OSHA requires that users perform a trial lift (using a platform with test weights to go through the flight path that personnel will use) and proof test, prior to lifting personnel with cranes.
Glazer said vehicle-mounted aerial devices have more stringent design standards for structural components, stability and hydraulic burst pressure among others, and that vehicle-mounted aerial devices are not generally exposed to the loading that cranes are. As a result, equipment originally designed as vehicle-mounted aerial devices and self-propelled work platforms are exempt from the OSHA Crane Standards.
Sticking with two machines
Glazer contends that there is no industry standard that covers the design, inspection, testing, maintenance and operation of a dual-rated crane.
In the absence of an industry standard, “Elliott does not want to create a false sense of security or confuse the operator prior to lifting personnel with a crane and does not currently offer a dual-rated crane,” Glazer said. “Our boom trucks are certified as ASME B30.5 mobile cranes, and our E-Line and HiReach aerials are certified as ANSI A92.2 vehicle-mounted aerial devices.”
Load King, a division of Custom Truck One Source, also does not offer dual-rated machines.
“We believe that the A92.2 and B30.5 standards are incompatible within the same machine,” said John Lukow, senior vice president of Load King. “A machine should be designed, manufactured and operated under one or the other standard. Switching back and forth day to day or week to week is not rational. We believe the standards are clear. OSHA 29 C.F.R. section 1926.1431(h) requires operators conduct a trial lift before lifting personnel with a boom truck crane. However, section 1926.1401(c)(5) makes an exception for machinery originally designed as a vehicle-mounted aerial device. The dual-rated machines in the market are all originally designed and manufactured as B30.5 lifting cranes, and the dual rating is offered as an option for a fee.”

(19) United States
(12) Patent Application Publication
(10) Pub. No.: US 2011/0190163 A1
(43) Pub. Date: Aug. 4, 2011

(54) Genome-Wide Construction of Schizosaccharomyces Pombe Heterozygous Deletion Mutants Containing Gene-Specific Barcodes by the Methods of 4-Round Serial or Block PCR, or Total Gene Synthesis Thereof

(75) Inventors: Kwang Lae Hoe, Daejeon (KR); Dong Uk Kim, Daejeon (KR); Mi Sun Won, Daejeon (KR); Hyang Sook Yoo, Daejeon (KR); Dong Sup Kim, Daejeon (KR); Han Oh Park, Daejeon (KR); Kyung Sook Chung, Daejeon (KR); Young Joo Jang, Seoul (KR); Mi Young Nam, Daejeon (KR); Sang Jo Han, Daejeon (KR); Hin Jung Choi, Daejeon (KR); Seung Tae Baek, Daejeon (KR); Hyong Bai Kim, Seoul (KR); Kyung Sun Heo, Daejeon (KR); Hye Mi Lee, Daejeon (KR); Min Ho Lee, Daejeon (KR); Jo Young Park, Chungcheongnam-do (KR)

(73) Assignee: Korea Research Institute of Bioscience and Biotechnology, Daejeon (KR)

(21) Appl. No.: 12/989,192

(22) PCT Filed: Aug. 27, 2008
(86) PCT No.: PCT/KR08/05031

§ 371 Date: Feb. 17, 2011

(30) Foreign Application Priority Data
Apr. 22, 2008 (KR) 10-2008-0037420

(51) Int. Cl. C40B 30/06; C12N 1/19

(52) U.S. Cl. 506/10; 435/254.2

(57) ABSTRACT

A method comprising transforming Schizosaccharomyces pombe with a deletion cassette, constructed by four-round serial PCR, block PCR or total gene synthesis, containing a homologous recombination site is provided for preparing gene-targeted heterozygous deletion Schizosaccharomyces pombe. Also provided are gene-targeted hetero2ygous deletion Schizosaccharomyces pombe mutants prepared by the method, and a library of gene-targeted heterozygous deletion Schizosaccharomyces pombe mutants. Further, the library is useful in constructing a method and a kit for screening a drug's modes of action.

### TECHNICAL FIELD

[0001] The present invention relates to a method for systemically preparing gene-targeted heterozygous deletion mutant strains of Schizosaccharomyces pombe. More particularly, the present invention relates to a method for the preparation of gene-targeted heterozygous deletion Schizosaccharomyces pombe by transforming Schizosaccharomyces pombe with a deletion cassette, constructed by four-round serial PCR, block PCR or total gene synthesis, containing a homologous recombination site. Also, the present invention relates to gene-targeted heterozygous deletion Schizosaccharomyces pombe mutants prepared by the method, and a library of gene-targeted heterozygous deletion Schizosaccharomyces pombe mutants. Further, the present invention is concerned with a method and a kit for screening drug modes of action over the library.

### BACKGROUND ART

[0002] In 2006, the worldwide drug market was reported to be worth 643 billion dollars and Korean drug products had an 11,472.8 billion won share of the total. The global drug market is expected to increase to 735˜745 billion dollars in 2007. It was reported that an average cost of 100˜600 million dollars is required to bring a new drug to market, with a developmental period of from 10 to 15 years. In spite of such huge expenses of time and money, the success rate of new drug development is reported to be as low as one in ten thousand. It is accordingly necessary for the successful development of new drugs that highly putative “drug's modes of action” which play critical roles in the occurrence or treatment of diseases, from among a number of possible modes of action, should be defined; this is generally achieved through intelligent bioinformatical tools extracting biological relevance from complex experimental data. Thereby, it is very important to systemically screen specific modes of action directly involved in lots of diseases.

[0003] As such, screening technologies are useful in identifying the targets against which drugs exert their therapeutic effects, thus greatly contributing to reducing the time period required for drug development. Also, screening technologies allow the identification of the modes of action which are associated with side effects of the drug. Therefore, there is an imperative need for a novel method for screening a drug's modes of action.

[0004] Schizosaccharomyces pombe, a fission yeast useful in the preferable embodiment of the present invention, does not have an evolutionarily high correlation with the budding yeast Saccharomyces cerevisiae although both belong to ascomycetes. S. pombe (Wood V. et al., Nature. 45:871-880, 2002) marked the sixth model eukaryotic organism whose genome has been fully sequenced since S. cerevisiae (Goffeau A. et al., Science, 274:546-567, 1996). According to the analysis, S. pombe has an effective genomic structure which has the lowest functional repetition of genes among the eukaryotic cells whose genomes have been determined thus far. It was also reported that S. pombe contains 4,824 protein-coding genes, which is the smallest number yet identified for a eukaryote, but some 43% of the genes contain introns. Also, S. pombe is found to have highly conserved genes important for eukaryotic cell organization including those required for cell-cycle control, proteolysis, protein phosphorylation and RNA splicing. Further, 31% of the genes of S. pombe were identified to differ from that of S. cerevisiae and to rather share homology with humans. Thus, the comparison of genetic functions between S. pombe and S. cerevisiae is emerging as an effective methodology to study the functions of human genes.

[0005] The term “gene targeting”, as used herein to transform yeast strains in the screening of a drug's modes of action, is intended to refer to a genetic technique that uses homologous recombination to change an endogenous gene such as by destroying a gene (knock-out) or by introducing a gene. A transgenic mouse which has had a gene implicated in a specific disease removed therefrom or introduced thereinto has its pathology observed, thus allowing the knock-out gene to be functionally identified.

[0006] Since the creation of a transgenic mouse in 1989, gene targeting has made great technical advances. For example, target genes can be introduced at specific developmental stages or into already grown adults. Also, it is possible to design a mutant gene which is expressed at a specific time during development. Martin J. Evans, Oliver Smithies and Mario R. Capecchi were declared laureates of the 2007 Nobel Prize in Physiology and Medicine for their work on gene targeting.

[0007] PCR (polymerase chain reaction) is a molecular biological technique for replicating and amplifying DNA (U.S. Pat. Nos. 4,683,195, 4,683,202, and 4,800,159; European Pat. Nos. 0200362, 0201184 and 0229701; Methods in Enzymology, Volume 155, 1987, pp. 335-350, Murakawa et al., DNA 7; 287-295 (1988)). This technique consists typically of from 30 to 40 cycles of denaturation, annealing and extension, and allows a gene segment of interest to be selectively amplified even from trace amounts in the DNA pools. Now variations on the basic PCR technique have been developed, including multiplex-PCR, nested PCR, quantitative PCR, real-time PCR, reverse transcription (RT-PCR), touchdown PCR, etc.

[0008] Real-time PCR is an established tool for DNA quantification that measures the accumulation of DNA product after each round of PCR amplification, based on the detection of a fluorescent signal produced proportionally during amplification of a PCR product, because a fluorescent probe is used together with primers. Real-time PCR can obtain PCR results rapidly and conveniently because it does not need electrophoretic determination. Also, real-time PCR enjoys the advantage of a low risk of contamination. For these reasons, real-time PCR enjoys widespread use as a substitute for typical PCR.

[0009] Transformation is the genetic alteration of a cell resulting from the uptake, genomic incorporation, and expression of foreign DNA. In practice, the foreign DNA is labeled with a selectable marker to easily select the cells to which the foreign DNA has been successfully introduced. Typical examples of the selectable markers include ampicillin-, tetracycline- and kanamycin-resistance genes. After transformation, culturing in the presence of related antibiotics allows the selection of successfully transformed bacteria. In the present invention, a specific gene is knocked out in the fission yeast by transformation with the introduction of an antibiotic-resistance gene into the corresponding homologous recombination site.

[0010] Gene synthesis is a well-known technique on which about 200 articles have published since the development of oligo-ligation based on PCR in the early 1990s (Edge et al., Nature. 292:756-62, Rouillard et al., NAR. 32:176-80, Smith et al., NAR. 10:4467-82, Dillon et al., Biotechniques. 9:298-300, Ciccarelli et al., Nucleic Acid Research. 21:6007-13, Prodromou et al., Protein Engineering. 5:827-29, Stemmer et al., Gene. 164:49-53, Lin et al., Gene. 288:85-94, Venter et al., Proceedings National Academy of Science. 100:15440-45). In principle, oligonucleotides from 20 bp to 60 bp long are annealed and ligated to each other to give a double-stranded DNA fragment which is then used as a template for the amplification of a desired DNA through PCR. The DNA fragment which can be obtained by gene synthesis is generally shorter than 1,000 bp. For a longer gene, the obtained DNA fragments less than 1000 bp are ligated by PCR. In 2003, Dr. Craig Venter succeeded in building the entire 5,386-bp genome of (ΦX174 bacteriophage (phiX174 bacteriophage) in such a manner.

Load King does offer a fully A92.2 compliant aerial called the PL-180, which has a hand height of 180 feet, and is capable of material handling up to 2,000 pounds. And if after a number of years in service, the owner of a PL-180 aerial device wishes to convert their machine, Load King will do that.
“Load King offers a one-way conversion of the PL-180 into a 50-ton crane,” said Lukow. “The factory will provide updated load charts and remove the luffing attachment from the basket and perform stability testing of the machine to certify it as a B30.5 crane.”
The ‘dual-rating’ of cranes is a complex issue with no easy answers, according to Elliott’s Glazer.
“Ultimately, it is up to the equipment manufacturer to certify a machine to a specific standard,” he said.